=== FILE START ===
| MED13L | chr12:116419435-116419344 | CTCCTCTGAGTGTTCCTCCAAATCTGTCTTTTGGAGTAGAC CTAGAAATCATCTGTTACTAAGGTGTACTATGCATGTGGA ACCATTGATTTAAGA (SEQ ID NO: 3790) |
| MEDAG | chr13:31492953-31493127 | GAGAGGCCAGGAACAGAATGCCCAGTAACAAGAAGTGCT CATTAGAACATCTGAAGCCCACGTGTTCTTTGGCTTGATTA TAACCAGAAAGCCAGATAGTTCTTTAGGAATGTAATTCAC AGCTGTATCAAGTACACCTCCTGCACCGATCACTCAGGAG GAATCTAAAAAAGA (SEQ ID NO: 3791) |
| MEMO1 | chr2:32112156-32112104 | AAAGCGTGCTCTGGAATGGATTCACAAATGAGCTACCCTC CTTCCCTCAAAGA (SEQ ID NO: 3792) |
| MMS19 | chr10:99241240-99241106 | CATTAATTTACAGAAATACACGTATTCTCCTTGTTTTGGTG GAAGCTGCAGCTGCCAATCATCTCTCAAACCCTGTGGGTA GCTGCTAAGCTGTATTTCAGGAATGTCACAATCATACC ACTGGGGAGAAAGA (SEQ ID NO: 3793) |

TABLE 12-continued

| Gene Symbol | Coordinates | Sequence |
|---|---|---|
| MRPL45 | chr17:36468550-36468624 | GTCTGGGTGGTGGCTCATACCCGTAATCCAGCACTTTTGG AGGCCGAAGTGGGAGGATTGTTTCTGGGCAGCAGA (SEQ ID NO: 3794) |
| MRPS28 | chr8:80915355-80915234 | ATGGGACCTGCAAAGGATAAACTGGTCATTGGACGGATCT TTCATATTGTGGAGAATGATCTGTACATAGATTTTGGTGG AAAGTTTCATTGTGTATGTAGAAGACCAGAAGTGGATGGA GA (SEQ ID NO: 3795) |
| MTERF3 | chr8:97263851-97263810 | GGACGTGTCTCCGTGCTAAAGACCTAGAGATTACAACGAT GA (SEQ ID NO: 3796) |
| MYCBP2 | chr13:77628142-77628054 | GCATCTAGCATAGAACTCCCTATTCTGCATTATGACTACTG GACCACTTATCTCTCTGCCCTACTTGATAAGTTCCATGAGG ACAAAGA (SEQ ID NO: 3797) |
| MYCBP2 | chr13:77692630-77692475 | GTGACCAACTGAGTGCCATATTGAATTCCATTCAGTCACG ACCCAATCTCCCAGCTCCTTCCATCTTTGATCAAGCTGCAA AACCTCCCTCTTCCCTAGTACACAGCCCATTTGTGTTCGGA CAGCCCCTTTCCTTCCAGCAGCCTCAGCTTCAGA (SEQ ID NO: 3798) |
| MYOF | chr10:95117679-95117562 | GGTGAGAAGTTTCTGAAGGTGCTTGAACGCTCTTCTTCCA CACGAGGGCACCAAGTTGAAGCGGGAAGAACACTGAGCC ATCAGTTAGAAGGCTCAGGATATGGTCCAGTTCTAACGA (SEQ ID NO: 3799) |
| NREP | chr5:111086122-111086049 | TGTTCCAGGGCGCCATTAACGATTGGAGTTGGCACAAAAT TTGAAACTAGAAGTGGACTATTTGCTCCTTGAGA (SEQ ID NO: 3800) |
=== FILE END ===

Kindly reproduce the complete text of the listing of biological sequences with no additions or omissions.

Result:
| MED13L | chr12:116419435-116419344 | CTCCTCTGAGTGTTCCTCCAAATCTGTCTTTTGGAGTAGAC CTAGAAATCATCTGTTACTAAGGTGTACTATGCATGTGGA ACCATTGATTTAAGA (SEQ ID NO: 3790) |
| MEDAG | chr13:31492953-31493127 | GAGAGGCCAGGAACAGAATGCCCAGTAACAAGAAGTGCT CATTAGAACATCTGAAGCCCACGTGTTCTTTGGCTTGATTA TAACCAGAAAGCCAGATAGTTCTTTAGGAATGTAATTCAC AGCTGTATCAAGTACACCTCCTGCACCGATCACTCAGGAG GAATCTAAAAAAGA (SEQ ID NO: 3791) |
| MEMO1 | chr2:32112156-32112104 | AAAGCGTGCTCTGGAATGGATTCACAAATGAGCTACCCTC CTTCCCTCAAAGA (SEQ ID NO: 3792) |
| MMS19 | chr10:99241240-99241106 | CATTAATTTACAGAAATACACGTATTCTCCTTGTTTTGGTG GAAGCTGCAGCTGCCAATCATCTCTCAAACCCTGTGGGTA GCTGCTAAGCTGTATTTCAGGAATGTCACAATCATACC ACTGGGGAGAAAGA (SEQ ID NO: 3793) |

TABLE 12-continued

| Gene Symbol | Coordinates | Sequence |
|---|---|---|
| MRPL45 | chr17:36468550-36468624 | GTCTGGGTGGTGGCTCATACCCGTAATCCAGCACTTTTGG AGGCCGAAGTGGGAGGATTGTTTCTGGGCAGCAGA (SEQ ID NO: 3794) |
| MRPS28 | chr8:80915355-80915234 | ATGGGACCTGCAAAGGATAAACTGGTCATTGGACGGATCT TTCATATTGTGGAGAATGATCTGTACATAGATTTTGGTGG AAAGTTTCATTGTGTATGTAGAAGACCAGAAGTGGATGGA GA (SEQ ID NO: 3795) |
| MTERF3 | chr8:97263851-97263810 | GGACGTGTCTCCGTGCTAAAGACCTAGAGATTACAACGAT GA (SEQ ID NO: 3796) |
| MYCBP2 | chr13:77628142-77628054 | GCATCTAGCATAGAACTCCCTATTCTGCATTATGACTACTG GACCACTTATCTCTCTGCCCTACTTGATAAGTTCCATGAGG ACAAAGA (SEQ ID NO: 3797) |
| MYCBP2 | chr13:77692630-77692475 | GTGACCAACTGAGTGCCATATTGAATTCCATTCAGTCACG ACCCAATCTCCCAGCTCCTTCCATCTTTGATCAAGCTGCAA AACCTCCCTCTTCCCTAGTACACAGCCCATTTGTGTTCGGA CAGCCCCTTTCCTTCCAGCAGCCTCAGCTTCAGA (SEQ ID NO: 3798) |
| MYOF | chr10:95117679-95117562 | GGTGAGAAGTTTCTGAAGGTGCTTGAACGCTCTTCTTCCA CACGAGGGCACCAAGTTGAAGCGGGAAGAACACTGAGCC ATCAGTTAGAAGGCTCAGGATATGGTCCAGTTCTAACGA (SEQ ID NO: 3799) |
| NREP | chr5:111086122-111086049 | TGTTCCAGGGCGCCATTAACGATTGGAGTTGGCACAAAAT TTGAAACTAGAAGTGGACTATTTGCTCCTTGAGA (SEQ ID NO: 3800) |